* In 2006, the Federal Communications Commission ordered destroyed all copies of an unreleased 2004 draft report concluding that media consolidation hurt local TV news coverage, which runs counter to the administration's pro-consolidation stance. (Thanks to Jim Tobias)

* After Bush assumed power in 2001, the Department of Labor removed from its Web site "Don't Work in the Dark -- Know Your Rights," a publication informing women of their workplace rights. (via the National Council for Research on Women)

* The Department of Labor also removed from its Web site roughly two dozen fact sheets on women's workplace issues such as women in management, earning differences between men and women, child care concerns, and minority women in the workplace. (via the National Council for Research on Women)

Wednesday, December 27, 2006

Ethiopian forces advance on Mogadishu

Guardian Unlimited

Ethiopian forces pushed to within 18 miles of the Islamist stronghold of Mogadishu today, as international criticism of their incursion into Somalia mounted.

Shortly after dawn, Ethiopian soldiers and forces loyal to Somalia’s weak transitional government seized the key town of Jowhar, 50 miles north of Mogadishu. They later took Balad, further along the road to the traditional capital.

The warlord Mohammed Dheere, who was chased out of Jowhar by the Islamists a few months ago, was at the front of the advancing troops - an indication as to how Ethiopia intends using former warlords to help control the captured territory.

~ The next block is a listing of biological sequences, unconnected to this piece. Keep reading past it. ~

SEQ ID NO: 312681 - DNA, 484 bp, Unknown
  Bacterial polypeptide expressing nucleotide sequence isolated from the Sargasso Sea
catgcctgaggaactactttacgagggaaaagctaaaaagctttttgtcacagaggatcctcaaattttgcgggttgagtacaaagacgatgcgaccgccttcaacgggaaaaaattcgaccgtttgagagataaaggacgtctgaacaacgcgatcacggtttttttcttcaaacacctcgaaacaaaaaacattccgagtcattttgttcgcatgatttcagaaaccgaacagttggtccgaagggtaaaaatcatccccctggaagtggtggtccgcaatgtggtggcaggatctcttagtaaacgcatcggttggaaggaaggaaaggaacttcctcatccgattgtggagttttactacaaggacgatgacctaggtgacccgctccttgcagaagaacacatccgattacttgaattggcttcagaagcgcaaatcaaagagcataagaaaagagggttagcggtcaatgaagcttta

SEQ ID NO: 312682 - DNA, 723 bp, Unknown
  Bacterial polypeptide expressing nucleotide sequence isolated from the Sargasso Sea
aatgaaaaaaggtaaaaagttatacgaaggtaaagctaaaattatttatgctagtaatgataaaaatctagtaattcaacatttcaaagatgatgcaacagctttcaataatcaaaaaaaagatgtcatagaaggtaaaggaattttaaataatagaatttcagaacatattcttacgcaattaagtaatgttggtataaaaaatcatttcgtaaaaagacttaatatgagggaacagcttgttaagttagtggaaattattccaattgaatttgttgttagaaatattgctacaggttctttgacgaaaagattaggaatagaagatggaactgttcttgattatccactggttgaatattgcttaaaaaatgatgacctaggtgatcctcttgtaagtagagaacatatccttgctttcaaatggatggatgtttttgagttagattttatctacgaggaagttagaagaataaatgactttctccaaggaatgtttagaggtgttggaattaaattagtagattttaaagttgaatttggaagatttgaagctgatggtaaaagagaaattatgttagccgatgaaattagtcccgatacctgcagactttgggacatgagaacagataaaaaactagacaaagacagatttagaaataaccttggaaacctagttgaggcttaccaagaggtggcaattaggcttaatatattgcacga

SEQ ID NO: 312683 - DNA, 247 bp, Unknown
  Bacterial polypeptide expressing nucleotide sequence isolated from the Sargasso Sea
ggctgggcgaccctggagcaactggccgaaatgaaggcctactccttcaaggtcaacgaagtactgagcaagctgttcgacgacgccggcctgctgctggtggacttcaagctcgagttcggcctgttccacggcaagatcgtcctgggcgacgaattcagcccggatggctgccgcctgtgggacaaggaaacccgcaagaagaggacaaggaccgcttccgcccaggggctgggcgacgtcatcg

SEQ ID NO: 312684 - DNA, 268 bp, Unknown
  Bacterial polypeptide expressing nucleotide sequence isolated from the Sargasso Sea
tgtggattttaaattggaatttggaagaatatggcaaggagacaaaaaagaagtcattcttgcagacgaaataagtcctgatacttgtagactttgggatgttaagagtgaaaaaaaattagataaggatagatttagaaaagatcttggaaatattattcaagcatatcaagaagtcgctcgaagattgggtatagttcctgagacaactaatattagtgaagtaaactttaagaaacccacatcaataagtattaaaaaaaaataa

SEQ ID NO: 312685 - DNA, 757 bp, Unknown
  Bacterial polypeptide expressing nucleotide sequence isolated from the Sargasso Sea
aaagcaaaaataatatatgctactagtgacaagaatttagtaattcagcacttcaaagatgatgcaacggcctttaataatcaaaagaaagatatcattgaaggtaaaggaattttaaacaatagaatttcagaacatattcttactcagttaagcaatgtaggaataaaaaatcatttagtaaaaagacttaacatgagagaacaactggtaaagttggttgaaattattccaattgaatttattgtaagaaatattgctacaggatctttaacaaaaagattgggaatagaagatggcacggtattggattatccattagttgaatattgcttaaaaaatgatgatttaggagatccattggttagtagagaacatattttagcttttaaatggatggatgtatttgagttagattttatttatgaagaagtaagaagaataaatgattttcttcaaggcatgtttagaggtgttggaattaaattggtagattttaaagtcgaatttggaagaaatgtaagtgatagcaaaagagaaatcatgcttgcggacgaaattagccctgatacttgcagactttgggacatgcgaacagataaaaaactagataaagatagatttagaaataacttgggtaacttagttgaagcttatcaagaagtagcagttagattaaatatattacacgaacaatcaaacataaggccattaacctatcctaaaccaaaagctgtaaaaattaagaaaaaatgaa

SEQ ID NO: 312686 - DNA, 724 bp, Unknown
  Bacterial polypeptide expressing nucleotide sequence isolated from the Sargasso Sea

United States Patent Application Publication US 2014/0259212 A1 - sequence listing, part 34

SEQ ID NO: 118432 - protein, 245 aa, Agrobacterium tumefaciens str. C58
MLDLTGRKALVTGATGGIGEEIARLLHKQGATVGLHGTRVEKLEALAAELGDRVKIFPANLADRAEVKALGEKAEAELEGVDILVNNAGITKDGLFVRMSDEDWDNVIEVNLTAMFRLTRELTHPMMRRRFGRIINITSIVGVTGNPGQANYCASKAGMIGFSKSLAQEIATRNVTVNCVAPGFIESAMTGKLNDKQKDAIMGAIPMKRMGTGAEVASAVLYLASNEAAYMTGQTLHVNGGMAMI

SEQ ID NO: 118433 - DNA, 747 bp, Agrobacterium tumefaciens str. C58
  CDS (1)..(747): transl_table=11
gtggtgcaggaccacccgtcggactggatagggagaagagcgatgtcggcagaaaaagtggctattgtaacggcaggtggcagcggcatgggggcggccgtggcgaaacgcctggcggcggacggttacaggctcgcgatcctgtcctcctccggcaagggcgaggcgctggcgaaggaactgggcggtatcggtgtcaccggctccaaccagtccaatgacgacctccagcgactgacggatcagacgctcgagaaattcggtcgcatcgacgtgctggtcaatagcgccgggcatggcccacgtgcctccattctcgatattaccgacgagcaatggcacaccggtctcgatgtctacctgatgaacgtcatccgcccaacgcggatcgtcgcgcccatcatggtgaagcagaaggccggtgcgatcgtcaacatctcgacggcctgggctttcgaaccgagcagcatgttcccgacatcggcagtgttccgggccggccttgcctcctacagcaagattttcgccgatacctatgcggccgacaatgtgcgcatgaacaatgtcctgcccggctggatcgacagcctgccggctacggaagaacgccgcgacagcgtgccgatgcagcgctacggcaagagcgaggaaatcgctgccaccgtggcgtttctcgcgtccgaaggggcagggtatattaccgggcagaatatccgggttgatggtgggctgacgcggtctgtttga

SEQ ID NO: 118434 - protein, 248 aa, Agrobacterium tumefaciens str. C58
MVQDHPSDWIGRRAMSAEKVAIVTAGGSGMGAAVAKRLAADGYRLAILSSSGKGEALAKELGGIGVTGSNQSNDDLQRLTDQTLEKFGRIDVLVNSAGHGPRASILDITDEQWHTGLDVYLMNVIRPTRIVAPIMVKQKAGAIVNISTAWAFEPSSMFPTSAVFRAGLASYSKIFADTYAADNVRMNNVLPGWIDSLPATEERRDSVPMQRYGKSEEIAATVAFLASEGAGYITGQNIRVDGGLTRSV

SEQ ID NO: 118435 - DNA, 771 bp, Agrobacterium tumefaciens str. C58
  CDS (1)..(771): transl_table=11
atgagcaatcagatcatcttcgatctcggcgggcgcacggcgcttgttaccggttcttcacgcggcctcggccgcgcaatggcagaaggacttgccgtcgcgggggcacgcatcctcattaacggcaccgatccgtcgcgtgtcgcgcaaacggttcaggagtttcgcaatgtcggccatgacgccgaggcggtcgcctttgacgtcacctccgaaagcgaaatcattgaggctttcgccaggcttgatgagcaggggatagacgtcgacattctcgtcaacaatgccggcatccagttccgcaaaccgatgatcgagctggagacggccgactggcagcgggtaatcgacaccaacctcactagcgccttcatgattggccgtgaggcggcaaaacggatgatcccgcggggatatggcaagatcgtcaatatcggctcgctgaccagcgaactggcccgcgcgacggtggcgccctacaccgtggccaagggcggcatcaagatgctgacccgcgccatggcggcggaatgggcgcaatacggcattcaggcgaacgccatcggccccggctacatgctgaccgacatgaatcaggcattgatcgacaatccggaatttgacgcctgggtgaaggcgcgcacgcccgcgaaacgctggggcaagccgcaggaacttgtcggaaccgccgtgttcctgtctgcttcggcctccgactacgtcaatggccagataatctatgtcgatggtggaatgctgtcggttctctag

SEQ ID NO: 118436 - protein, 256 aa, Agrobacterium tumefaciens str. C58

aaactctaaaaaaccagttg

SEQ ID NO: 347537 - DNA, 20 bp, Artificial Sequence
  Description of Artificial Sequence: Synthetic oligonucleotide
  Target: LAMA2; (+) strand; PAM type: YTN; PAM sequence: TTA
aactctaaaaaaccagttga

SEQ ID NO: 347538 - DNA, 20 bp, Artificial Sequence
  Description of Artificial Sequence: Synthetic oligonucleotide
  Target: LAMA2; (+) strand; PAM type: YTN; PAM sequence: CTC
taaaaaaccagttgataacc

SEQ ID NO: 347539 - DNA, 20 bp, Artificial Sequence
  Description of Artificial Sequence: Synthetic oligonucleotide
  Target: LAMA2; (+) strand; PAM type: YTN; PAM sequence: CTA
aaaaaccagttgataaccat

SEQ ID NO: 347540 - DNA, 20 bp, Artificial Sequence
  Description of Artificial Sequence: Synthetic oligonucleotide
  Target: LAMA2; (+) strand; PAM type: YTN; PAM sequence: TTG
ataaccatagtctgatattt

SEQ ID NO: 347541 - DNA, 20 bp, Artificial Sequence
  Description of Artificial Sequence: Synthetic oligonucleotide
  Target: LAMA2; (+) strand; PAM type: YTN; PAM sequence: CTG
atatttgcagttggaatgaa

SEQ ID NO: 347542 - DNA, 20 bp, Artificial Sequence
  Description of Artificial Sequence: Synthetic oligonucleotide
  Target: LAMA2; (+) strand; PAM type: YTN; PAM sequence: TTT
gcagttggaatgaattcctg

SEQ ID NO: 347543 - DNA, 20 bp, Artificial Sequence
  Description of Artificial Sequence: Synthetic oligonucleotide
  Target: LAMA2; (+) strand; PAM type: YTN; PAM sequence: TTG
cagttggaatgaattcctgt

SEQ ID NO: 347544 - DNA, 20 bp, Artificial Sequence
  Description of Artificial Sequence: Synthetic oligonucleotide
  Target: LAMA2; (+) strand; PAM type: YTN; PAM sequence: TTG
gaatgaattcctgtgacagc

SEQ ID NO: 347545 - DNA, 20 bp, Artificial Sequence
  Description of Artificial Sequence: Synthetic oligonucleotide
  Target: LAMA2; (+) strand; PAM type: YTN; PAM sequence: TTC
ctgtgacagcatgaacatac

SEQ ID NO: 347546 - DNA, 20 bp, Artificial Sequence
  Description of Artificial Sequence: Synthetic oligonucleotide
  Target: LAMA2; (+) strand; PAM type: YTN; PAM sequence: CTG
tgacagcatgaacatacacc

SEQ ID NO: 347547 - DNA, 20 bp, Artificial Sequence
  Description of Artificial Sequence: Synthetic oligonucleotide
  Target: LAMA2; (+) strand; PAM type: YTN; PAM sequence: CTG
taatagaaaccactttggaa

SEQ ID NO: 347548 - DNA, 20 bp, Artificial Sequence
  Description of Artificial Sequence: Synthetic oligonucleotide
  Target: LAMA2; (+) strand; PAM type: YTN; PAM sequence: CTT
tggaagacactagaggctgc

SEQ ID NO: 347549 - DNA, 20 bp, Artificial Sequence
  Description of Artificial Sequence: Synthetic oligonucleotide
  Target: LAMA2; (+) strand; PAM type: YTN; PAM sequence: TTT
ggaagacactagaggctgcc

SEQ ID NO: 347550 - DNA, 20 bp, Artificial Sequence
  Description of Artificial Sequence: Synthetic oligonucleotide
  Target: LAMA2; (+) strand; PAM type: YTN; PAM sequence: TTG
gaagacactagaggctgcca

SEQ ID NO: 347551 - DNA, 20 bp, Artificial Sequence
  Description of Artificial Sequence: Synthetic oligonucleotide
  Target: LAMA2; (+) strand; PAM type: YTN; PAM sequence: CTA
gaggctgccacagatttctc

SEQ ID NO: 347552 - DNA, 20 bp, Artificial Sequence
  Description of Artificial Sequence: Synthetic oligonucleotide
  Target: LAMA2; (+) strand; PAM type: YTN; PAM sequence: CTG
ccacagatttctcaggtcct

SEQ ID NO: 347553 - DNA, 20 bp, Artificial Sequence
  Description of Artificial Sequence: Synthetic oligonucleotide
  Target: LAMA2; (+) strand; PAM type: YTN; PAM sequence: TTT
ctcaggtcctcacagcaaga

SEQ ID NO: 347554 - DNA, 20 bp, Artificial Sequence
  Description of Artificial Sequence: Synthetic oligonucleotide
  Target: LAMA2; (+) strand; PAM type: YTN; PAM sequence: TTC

The Least Essential Albums Of 2006

The Onion:

Every year produces great music and a nearly equal amount of terrible music. Then there's the not-so-creamy middle, the albums that have no real reason to exist, but nonetheless find their way to music-store shelves. Why? The A.V. Club has no answer. We're just here to document them in all their inglorious splendor. So, behold, the utterly puzzling, almost-already-forgotten Least Essential Albums Of 2006.

Monday, December 25, 2006

R.I.P ‘Godfather of Soul’

ATLANTA (AP) -- James Brown, the dynamic, pompadoured ''Godfather of Soul,'' whose rasping vocals and revolutionary rhythms made him a founder of rap, funk and disco as well, died early Monday, his agent said. He was 73.

Brown was hospitalized with pneumonia at Emory Crawford Long Hospital on Sunday and died around 1:45 a.m. Monday, said his agent, Frank Copsidas of Intrigue Music. Longtime friend Charles Bobbit was by his side, he said.

Copsidas said the cause of death was uncertain. ''We really don't know at this point what he died of,'' he said.

Along with Elvis Presley, Bob Dylan and a handful of others, Brown was one of the major musical influences of the past 50 years. At least one generation idolized him, and sometimes openly copied him. His rapid-footed dancing inspired Mick Jagger and Michael Jackson among others. Songs such as David Bowie's ''Fame,'' Prince's ''Kiss,'' George Clinton's ''Atomic Dog'' and Sly and the Family Stone's ''Sing a Simple Song'' were clearly based on Brown's rhythms and vocal style.

If Brown's claim to the invention of soul can be challenged by fans of Ray Charles and Sam Cooke, then his rights to the genres of rap, disco and funk are beyond question. He was to rhythm and dance music what Dylan was to lyrics: the unchallenged popular innovator.